4. What is the “deal breaker”, i.e topic, tone, language that kills the mood or is an automatic “no” for you?
A: Please refrain from using language akin to a Gothic novel or a Romantic poem. The Brontes and the Wordsworths were successful, in part, because their work spoke to the readers of their day—write for the readers of your day. Please avoid characters that seem to exist in the present, without a past that informs who they are, or a future for which they are destined. Real people respond to the world around them, equipped with fears and desires. Most importantly, please ensure you have a plot. The only thing worse than killing the mood is having no mood to kill in the first place. Ensure your story has some sort of situation, event or conflict that needs to be evaluated/resolved. A character, alone with his/her thoughts, is deadly. A story needs action and reaction. (FYI—arriving at a neatly-packaged resolution is not necessarily a prerequisite)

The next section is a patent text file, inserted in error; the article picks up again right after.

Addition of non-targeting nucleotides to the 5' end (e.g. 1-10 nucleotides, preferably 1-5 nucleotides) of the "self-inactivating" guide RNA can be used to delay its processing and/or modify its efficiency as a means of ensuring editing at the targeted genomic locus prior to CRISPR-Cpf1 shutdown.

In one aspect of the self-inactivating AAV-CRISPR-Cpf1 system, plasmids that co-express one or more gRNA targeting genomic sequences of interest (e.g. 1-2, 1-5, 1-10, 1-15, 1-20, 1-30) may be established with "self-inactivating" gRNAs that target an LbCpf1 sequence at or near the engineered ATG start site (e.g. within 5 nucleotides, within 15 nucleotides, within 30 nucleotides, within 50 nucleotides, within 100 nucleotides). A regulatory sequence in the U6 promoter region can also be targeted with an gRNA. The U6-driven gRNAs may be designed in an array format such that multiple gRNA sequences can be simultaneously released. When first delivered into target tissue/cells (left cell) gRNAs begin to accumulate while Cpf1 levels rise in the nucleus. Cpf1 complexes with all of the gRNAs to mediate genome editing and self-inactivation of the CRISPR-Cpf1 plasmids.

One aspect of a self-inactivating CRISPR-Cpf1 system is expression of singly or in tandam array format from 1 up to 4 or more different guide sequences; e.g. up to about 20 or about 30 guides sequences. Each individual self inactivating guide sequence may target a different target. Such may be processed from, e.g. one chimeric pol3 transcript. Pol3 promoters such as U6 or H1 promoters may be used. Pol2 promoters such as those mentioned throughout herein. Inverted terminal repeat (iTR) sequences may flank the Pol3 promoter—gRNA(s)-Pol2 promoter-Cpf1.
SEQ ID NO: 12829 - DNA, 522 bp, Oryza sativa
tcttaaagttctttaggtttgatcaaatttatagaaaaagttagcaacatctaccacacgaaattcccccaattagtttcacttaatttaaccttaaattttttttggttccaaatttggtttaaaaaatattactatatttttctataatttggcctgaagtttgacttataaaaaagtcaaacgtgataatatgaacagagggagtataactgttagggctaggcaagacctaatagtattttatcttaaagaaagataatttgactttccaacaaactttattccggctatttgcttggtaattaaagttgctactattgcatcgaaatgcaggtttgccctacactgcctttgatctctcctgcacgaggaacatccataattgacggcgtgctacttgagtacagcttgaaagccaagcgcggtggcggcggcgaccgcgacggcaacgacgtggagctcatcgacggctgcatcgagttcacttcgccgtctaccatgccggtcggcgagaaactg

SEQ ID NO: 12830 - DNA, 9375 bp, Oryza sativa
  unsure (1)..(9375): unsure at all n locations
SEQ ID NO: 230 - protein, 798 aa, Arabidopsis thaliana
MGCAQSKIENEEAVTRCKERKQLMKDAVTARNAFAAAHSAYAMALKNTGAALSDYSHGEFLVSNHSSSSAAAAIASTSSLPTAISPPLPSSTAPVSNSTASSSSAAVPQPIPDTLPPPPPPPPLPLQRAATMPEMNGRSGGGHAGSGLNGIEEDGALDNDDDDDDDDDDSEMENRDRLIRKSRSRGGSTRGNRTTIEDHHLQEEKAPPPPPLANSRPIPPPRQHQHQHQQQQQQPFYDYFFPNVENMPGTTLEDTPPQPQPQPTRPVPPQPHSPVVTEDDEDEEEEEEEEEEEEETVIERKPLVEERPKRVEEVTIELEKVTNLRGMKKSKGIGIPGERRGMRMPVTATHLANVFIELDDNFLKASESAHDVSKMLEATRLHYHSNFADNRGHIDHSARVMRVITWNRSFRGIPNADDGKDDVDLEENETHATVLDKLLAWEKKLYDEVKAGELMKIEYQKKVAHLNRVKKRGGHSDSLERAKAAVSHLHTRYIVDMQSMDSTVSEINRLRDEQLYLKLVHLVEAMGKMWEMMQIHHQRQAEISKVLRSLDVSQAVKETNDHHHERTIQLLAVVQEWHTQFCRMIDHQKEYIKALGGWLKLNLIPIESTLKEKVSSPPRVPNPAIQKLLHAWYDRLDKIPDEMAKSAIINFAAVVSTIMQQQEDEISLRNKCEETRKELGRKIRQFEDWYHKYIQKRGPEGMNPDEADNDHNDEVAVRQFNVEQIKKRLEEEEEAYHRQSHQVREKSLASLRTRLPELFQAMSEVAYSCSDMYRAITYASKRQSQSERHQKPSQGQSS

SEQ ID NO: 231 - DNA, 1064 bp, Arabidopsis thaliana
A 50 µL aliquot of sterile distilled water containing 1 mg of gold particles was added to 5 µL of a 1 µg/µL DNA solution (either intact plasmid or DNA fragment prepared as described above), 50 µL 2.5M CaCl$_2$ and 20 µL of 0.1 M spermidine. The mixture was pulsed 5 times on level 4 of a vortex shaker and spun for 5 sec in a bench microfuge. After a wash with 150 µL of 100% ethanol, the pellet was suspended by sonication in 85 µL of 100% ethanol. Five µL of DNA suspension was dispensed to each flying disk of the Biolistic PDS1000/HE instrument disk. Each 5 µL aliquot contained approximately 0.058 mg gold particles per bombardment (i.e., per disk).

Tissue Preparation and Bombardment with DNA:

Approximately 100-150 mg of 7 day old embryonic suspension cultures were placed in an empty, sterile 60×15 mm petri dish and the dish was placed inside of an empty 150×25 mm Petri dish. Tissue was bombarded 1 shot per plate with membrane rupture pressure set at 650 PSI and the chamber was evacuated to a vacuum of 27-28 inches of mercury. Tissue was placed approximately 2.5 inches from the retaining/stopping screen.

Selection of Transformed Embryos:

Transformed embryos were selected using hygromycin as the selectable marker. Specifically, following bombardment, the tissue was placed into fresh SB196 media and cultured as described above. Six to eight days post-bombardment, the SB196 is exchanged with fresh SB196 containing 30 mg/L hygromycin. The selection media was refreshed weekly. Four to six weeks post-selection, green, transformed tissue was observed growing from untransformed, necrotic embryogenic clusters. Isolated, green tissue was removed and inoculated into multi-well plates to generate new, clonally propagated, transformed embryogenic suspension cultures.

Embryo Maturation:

5. What kind of issue do you think issue 12 is shaping up to be?
A: Controversial and sexy.
A: Energetic and humorous. Like a clown running down the boardwalk in last night’s makeup high on gummi bears and hiding his sorrows beneath a very nice wig.
Thanks Aerin and Andy for your responses!